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Skyquake87's Review: Robots in Disguise Steeljaw

Name : Steeljaw
Allegiance: Decepticcon

What do you need a Function and a bio for, just buy this cool toy, kids!

So, Robots In Disguise, eh? No, me neither. I think this is the first time I've been indifferent to the launch of a new Transformers cartoon/ toyline. Maybe because I'm growing up (finally), or just because, I dunno...I'm a bit burnt out by having another round of an all news series that'll be as fleeting as snow, filling time before the next film comes out. Not helped, it has to be said, by Hasbro's confusing product marketing. Most of the Robots In Disguise toys have been brought out in a similar vein to last year's Age Of Extinction toys – a bewildering array of the same five or six characters available in different price points – from Quick Step Changers, nonsensical Quick Attack toys, Legends scale toys, 'proper' Deluxe sized figures and an even more confusing mess of product once you get to the Leader Class, where things look very Fisher Price indeed. All with the same trade dress, so no one can tell anything apart and you can't collect them all! ™ in any scale. Brilliant. Whilst I'm no trade analyst and have nothing but the evidence of my own eyes, the 2015 Robots In Disguise line does seem to have foundered somewhat with product sitting unloved on shelves up and down the land. Super market Asda has had the Quick Change toys on two for 10 for most of the year, and no one seems to be biting. Hardly suprising, as even at 10 for two, those things are just the worst shizzle ever.

With shelf space dominated by the cheaper end of the product range, the regular Deluxes have struggled to get a look in anywhere, and with them retailing at the same silly money as today's Combiner Wars Deluxes, its not hard to see why a lot of places have passed on the opportunity to try and shift a 5” toy that retails for the best part of 20 during a period of flat – if not negative – economic growth. Who's going to pay that money for these things? Especially when you have the product in hand and can feel how little substance there is to it.

Needless to say, the only reason I picked up a couple is because Morrisons just gave up with the things and have recently cleared out all their Transformers toys to make room for Star Wars, which might actually have a chance of selling to someone.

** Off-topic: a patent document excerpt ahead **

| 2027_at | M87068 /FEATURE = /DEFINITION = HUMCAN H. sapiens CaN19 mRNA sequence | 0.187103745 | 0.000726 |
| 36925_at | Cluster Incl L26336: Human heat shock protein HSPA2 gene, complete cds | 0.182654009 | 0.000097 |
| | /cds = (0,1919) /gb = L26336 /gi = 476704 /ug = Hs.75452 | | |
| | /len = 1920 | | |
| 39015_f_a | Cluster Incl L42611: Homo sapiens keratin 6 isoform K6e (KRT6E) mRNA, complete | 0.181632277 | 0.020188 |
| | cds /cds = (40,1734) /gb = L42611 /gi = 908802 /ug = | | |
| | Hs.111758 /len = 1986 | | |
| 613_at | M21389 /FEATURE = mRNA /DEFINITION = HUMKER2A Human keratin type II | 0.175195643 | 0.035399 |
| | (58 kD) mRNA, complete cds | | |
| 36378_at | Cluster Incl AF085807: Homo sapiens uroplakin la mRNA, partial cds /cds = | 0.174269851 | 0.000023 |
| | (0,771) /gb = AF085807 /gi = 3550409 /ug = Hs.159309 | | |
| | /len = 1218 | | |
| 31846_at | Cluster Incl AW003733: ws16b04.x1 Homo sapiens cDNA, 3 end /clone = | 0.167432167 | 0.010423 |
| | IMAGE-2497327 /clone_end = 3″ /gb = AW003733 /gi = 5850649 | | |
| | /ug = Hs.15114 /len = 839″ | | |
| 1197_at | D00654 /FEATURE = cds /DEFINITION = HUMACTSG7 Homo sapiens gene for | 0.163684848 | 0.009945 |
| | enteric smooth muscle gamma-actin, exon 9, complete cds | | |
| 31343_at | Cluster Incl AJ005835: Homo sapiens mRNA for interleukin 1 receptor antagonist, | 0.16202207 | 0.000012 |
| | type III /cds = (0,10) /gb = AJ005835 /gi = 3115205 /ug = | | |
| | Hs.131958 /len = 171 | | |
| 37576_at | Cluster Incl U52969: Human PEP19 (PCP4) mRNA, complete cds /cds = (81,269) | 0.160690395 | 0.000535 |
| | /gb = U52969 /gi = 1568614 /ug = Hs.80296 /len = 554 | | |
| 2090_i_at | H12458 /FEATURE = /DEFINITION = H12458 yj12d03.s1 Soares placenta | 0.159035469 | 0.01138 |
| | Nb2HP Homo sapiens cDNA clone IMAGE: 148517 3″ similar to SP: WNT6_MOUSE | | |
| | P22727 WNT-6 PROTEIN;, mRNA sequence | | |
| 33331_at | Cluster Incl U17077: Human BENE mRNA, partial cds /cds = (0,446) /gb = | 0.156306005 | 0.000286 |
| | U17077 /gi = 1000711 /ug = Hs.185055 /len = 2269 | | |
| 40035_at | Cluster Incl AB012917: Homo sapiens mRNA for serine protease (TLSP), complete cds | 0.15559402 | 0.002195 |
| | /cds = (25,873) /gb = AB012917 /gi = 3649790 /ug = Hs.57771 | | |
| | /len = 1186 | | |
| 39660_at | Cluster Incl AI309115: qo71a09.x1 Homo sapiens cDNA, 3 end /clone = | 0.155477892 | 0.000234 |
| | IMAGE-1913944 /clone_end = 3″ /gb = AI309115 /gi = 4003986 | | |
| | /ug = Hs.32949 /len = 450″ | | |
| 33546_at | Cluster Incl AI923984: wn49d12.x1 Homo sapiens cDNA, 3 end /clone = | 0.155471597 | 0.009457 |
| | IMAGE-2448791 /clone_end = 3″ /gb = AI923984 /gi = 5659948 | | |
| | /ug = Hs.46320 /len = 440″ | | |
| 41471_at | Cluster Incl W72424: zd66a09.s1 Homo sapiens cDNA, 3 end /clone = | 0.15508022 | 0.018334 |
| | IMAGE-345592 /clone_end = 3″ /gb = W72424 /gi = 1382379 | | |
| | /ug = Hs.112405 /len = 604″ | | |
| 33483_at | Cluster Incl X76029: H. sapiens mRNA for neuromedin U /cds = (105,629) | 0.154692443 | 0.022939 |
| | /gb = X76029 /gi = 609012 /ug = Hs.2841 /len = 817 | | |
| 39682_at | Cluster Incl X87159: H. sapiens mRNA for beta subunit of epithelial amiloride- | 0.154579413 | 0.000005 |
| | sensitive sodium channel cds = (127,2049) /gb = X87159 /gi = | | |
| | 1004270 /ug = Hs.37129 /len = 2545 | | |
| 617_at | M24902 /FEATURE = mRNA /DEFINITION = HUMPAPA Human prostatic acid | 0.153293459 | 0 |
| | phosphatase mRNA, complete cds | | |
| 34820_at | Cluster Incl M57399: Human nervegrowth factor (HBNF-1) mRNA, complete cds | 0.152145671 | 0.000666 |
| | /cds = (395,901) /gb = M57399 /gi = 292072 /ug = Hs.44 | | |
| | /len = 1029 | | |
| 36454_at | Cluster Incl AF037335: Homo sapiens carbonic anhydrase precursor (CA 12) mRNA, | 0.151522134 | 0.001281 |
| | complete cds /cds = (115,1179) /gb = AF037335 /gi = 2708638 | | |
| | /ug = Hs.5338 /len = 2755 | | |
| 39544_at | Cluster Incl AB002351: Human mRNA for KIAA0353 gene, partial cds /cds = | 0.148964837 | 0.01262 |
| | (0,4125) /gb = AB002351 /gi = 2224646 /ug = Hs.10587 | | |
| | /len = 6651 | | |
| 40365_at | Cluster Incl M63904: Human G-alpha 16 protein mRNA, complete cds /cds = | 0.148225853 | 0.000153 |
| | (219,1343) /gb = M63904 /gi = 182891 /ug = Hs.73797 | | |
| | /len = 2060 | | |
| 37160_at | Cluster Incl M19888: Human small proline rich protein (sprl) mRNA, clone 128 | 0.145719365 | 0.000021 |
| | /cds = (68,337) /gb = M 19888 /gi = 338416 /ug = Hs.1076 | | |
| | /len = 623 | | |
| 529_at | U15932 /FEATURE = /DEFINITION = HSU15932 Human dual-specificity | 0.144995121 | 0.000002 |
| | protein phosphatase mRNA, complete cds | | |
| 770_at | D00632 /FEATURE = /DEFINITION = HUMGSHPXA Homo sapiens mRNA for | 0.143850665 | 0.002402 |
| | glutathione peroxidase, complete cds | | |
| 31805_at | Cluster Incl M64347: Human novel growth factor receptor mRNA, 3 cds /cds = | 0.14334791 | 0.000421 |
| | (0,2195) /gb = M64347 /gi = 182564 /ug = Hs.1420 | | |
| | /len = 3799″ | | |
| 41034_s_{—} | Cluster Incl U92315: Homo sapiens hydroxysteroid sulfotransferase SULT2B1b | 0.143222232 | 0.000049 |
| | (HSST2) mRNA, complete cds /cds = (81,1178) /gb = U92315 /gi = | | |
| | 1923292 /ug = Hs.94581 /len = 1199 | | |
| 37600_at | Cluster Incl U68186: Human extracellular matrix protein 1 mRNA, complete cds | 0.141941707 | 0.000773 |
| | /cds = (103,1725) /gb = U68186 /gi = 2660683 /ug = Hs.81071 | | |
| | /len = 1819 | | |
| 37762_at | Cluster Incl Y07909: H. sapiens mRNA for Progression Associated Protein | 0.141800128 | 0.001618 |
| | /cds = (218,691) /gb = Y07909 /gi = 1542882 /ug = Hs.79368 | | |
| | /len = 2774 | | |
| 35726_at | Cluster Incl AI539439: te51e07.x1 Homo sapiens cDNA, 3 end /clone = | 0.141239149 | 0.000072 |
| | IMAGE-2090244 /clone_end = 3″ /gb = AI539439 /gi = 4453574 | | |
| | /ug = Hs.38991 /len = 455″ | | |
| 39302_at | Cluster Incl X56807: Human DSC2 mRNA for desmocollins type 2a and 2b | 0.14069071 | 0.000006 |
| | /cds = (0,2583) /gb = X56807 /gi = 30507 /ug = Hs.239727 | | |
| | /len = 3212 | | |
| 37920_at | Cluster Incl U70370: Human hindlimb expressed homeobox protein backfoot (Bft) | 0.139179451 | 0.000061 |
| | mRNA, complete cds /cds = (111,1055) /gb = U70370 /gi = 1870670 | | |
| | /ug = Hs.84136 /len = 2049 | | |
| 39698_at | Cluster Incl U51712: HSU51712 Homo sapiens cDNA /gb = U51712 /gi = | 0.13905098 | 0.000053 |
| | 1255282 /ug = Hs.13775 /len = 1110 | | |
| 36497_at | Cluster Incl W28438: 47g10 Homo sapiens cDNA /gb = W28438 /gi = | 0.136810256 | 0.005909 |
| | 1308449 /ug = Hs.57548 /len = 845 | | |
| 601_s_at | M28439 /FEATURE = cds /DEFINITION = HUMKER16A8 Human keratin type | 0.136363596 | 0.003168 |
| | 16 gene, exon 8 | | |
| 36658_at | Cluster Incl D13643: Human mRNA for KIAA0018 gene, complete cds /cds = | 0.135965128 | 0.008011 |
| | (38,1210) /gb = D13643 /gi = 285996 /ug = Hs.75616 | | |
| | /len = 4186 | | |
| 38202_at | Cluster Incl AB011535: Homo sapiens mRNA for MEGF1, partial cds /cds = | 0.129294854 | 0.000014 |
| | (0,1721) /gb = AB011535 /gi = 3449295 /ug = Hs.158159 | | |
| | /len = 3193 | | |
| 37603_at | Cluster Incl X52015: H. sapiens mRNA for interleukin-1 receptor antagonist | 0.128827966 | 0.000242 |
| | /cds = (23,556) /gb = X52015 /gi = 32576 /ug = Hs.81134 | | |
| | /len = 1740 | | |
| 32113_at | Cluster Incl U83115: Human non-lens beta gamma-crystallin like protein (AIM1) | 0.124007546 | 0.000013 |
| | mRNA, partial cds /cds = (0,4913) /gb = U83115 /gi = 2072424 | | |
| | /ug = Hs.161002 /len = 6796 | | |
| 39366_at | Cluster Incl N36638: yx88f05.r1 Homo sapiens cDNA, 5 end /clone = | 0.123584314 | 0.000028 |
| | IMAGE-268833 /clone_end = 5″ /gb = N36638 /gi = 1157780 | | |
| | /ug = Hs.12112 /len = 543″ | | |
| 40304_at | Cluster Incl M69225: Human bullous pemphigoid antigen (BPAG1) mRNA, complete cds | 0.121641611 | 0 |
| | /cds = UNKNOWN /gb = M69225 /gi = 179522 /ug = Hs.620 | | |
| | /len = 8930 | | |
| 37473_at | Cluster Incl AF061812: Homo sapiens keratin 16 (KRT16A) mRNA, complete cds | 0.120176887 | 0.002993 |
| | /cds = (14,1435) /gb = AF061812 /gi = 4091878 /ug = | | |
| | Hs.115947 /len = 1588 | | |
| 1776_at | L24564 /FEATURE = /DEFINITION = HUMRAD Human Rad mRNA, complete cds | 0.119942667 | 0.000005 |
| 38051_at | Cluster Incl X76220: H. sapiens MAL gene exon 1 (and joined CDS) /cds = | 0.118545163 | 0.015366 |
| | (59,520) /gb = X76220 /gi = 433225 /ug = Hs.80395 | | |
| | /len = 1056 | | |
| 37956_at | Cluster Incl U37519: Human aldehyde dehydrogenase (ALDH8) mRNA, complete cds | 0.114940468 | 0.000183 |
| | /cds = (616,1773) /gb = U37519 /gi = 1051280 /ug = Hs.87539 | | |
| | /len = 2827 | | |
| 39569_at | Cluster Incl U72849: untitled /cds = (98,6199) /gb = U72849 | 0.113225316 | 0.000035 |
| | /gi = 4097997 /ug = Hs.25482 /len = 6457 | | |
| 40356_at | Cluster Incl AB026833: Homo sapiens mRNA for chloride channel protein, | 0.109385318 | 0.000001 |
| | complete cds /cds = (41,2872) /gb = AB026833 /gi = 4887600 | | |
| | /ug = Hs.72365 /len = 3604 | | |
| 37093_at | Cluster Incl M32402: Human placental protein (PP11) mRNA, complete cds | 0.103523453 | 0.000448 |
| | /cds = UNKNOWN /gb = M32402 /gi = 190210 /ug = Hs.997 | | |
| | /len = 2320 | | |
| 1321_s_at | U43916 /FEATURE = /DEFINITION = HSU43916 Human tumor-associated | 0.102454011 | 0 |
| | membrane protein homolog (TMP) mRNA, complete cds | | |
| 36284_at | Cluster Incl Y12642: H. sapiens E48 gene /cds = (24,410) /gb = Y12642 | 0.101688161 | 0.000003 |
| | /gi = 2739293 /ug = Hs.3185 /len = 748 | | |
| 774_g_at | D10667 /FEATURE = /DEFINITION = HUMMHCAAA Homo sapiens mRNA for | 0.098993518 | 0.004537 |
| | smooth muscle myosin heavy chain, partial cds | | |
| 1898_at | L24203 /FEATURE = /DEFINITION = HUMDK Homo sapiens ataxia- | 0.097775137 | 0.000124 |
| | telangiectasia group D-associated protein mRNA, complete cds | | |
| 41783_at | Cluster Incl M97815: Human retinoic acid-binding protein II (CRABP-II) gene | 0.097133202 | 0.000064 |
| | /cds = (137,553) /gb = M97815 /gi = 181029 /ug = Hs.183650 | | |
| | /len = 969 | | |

Steeljaw is the token Decepticon released in Wave One in all scales. As many of us older fans have been wont to point out, Hasbro have largely moved away from trying robots-to-animals for Transformers for ...reasons, to the detriment of any variety, so its nice that Robots In Disguise has brought some of these stylings back by making the bad guys anthropomorphological animal characters...that turn into trucks and other vehicles. It's a nice design tick of the line, and its a bit of a shame the only real plastic representation of it has been Steeljaw here. Its not even funny now, Hasbro. Seriously, where are all the Decepticons? Its either one thing or the other with a lot of fiction, isn't it? Spider-Man and Batman have an army of bad guys, whilst The Avengers have um, Ultron and uh, that's it … and this seems to be how things are developing in Transformers. An army of tooled up Autobots ready to do some serious damage, with all their weapons and machismo and powers and general powerful supreme awesomeness.... and then, standing against all their imperialist might is, uh, one guy with wolf head and one of those silly 'bear claws' kitchen utensils so you can do your own 'pulled pork' like you would wont to do if you're a bearded hipster with stupid ear holes, too tight trousers and insufferable tattoos, running one of those bloody craft ale bars that has a cute name and weirdly sells bits of carcass to accompany your over-priced beverage and there's vinyl on the wall because, like, its sooo retro and coool and, like, once a month we have a vinyl night and you should totally come because its amazing.

Robot Mode: So Steeljaw has a nice angular look to him. He's all jagged edges and wolf-head fun times. The truly cheap and plain plastics rob the toy of anything that might make him a bit more visually interesting. His face is smothered in silver paint, so a lot of the subtleties in face – the snarl, the teeth, the angry glare – are utterly lost and its down to Hasbro's faithful standby, the ever awe-inducing boring grey plastic to break up the endless parade of blue. Some apologetic black used on the windscreen helps give some life to the chest, but if those were my feet, I'd be seeing a doctor about that. The arms are a bit weedy, but all the car parts kind of cover this up, so it doesn't look as daft as it might. I have a hard time with the legs, as they're just a little bit too restricted to make Steely stand very well – or naturally. Do like the big serrated tail that he has though , which is a fun piece of design - and practical, too, as it gives him some good stability in robot mode.